Books · Reviews

Manga Thoughts: The Promised Neverland, Vol 1 (Kaiu Shirai/Posuka Demizu)

Shirai, Kaiu - The Promised Neverland 1


Title: The Promised Neverland, Vol 1
Author: Kaiu Shirai (story) / Posuka Demizu (art)
Genre: Manga   Pages: 189
First published: 2016
Edition: Paperback, published by Viz Media in 2017

Emma, Norman and Ray are the brightest kids at the Grace Field House orphanage. And under the care of the woman they refer to as “Mom,” all the kids have enjoyed a comfortable life. Good food, clean clothes and the perfect environment to learn—what more could an orphan ask for? One day, though, Emma and Norman uncover the dark truth of the outside world they are forbidden from seeing.

This is only my second manga, but I am already much more used to the art style and method of story telling. This one had me gripped from the start.

The story itself made me feel anxious in the best possible. I soon came to feel for our main characters and I cared about what happened to them and their ‘siblings’ The story became dark pretty quickly and the rest of this volume is centered around trying to find a way out.

This was a strong start to a series and I will definitely be ordering the second volume. I really enjoyed the art style and the panels were clear and well thought out.

Apparently there is also an anime of this series, so I would like to check that out if I can!

5 out of 7 stars

Books · Reviews

(Audio) Book Thoughts: Face It (Debbie Harry)

Harry, Debbie - Face It


Title: Face It
Author/narrator: Debbie Harry
Genre: Non-Fiction/Autobiography/Memoir
First published: 2019
Edition: Audio book

Musician, actor, activist, and the iconic face of New York City cool, Debbie Harry is the frontwoman of Blondie, a band that forged a new sound that brought together the worlds of rock, punk, disco, reggae and hip-hop to create some of the most beloved pop songs of all time. As a muse, she collaborated with some of the boldest artists of the past four decades. The scope of Debbie Harry’s impact on our culture has been matched only by her reticence to reveal her rich inner life—until now.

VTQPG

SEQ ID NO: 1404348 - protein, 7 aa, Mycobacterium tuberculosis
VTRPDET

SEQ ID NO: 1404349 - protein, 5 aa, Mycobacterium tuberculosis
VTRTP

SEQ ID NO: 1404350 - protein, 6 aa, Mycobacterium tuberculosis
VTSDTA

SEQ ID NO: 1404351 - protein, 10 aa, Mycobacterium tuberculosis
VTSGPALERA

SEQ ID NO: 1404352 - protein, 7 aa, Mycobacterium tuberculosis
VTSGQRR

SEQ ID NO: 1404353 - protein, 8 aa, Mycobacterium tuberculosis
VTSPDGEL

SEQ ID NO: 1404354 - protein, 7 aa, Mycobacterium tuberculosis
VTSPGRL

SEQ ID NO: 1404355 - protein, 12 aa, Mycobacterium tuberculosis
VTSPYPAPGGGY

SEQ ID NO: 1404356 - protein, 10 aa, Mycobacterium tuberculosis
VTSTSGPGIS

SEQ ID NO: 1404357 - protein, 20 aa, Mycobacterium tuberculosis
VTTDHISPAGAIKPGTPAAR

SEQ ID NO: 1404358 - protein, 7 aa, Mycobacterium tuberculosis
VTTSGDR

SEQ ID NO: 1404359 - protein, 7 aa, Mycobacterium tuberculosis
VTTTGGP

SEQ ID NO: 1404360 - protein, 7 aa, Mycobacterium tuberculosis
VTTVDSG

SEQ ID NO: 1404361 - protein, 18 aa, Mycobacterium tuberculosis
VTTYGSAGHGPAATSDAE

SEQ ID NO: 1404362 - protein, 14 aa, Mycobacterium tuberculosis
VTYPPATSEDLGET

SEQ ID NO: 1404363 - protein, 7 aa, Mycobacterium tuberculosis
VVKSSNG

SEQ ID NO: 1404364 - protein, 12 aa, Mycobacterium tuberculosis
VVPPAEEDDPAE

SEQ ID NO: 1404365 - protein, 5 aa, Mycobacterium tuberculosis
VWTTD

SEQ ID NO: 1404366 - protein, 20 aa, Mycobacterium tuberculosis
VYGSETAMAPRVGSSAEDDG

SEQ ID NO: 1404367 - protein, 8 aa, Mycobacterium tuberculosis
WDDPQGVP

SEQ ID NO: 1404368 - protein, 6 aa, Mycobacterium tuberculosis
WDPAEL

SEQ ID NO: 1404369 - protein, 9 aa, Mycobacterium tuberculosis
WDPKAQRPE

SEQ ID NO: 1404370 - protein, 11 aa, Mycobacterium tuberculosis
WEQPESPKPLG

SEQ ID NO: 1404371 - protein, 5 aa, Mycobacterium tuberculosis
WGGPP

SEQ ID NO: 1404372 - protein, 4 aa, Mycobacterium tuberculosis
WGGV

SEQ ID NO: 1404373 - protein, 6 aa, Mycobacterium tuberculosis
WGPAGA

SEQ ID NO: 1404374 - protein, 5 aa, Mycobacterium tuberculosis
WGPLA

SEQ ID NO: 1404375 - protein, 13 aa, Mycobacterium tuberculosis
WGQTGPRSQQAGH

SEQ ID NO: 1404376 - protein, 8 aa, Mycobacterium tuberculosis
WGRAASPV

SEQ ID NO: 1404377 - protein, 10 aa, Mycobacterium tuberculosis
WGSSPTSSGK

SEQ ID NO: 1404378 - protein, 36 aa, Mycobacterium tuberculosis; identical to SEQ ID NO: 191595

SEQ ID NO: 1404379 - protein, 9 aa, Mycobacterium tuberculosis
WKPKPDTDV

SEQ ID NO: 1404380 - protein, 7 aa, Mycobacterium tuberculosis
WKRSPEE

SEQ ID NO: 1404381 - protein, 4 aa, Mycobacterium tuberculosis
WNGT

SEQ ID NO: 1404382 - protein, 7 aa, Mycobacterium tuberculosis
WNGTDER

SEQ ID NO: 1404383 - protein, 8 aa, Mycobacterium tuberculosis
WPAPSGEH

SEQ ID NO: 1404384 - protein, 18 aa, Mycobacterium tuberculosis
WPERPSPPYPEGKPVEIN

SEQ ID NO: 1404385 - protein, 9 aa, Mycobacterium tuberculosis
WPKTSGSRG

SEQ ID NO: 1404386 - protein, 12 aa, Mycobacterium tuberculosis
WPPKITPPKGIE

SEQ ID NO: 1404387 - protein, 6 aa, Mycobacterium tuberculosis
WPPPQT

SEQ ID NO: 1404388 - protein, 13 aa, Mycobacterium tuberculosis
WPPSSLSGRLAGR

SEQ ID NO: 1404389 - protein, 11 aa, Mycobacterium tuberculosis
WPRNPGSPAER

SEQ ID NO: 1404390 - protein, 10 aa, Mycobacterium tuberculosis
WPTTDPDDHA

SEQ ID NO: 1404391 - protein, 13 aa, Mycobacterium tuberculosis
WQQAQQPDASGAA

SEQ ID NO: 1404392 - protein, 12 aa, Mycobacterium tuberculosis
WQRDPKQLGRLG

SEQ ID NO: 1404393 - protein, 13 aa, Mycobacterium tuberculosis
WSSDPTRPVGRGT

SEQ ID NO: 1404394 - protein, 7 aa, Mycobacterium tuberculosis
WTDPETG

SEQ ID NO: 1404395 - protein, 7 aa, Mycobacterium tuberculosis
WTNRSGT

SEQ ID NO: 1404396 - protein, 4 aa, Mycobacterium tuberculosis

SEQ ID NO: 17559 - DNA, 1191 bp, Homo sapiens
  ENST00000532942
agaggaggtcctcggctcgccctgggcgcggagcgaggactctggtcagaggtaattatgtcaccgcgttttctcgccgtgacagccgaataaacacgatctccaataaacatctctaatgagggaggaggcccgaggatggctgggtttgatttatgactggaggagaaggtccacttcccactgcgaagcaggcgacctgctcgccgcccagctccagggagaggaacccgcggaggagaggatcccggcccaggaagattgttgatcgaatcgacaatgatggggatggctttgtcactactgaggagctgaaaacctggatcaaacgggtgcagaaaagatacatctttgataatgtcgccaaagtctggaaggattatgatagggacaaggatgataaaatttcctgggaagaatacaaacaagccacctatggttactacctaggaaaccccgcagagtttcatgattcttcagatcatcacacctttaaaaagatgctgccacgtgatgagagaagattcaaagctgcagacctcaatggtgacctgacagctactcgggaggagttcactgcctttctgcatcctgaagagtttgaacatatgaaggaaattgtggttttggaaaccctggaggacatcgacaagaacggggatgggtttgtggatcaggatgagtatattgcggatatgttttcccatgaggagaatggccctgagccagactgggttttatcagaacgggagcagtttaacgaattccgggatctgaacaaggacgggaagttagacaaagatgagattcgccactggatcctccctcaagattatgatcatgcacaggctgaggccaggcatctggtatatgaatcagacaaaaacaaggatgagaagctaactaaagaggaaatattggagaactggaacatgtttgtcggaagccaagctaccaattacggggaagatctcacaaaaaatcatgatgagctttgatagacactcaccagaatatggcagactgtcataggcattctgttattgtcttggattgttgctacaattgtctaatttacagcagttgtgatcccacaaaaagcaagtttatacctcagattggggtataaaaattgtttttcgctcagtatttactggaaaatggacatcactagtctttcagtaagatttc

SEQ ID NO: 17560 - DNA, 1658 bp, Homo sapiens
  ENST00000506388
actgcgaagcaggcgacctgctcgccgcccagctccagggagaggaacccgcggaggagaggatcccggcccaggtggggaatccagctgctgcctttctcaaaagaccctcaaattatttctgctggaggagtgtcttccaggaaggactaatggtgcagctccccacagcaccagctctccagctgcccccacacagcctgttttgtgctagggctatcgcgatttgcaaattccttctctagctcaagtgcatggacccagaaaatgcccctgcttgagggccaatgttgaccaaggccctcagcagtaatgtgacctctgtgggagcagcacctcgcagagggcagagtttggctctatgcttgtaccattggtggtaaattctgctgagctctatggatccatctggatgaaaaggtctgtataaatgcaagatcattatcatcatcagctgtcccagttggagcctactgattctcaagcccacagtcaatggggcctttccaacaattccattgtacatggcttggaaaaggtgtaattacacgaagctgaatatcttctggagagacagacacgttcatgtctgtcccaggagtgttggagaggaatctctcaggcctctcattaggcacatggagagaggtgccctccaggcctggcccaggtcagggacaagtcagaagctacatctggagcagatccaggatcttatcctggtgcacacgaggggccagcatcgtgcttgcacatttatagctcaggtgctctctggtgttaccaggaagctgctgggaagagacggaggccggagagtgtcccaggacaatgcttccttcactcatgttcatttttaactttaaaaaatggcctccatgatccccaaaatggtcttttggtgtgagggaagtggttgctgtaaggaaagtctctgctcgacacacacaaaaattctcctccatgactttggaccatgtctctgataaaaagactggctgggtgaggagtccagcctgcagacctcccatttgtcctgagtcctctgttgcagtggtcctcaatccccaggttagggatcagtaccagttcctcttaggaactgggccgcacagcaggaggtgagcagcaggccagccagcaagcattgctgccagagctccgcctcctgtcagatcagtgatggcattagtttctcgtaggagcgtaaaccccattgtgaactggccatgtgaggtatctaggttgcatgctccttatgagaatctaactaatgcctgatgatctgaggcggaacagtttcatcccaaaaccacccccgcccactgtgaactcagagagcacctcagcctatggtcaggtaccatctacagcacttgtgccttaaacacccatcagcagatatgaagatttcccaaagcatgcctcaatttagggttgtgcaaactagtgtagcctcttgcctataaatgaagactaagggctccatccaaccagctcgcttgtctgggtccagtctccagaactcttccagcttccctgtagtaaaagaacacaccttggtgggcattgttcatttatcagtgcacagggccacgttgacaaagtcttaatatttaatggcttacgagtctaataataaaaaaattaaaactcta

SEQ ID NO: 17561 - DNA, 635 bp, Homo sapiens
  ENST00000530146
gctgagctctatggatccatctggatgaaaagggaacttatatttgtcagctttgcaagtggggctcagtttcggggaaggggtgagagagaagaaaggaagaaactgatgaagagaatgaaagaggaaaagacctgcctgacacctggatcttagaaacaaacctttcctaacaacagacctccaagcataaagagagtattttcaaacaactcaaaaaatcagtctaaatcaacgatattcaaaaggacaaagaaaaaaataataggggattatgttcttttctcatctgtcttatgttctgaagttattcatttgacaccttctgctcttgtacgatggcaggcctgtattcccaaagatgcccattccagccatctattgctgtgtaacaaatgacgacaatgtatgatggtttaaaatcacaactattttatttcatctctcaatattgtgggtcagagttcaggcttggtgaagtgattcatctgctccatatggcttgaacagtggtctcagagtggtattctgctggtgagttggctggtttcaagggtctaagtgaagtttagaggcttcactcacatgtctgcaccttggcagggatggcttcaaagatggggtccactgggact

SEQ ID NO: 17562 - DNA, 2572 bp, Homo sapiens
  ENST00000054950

Debbie Harry of Blondie is someone I consider an icon and when I heard she had an autobiography out I was keen to read it and the audio book narrated by herself seemed the perfect choice.

As a book it does not flow incredibly well and the way she tells her story feels strangely dispassionate, but I guess Harry is not a natural writer and I should not hold her to the same standard as someone who is an author by profession. It does make it feel more authentic to be fair. I don’t know whether she used a ghostwriter, but it certainly does not feel like she did. I do respect that.

Neither is she a natural audio book narrator. Her delivery is quite stilted and sometimes lacks dynamics, but I still prefer it than if it had been narrated by someone else.

So, overall I am conflicted on this one. There are really interesting bits to her story, but in parts it struggled to keep my attention. It could have done with a bit more sprucing up, I guess. The way she tells her story feels slightly repetitive, even if she is talking about different events. It’s hard to explain.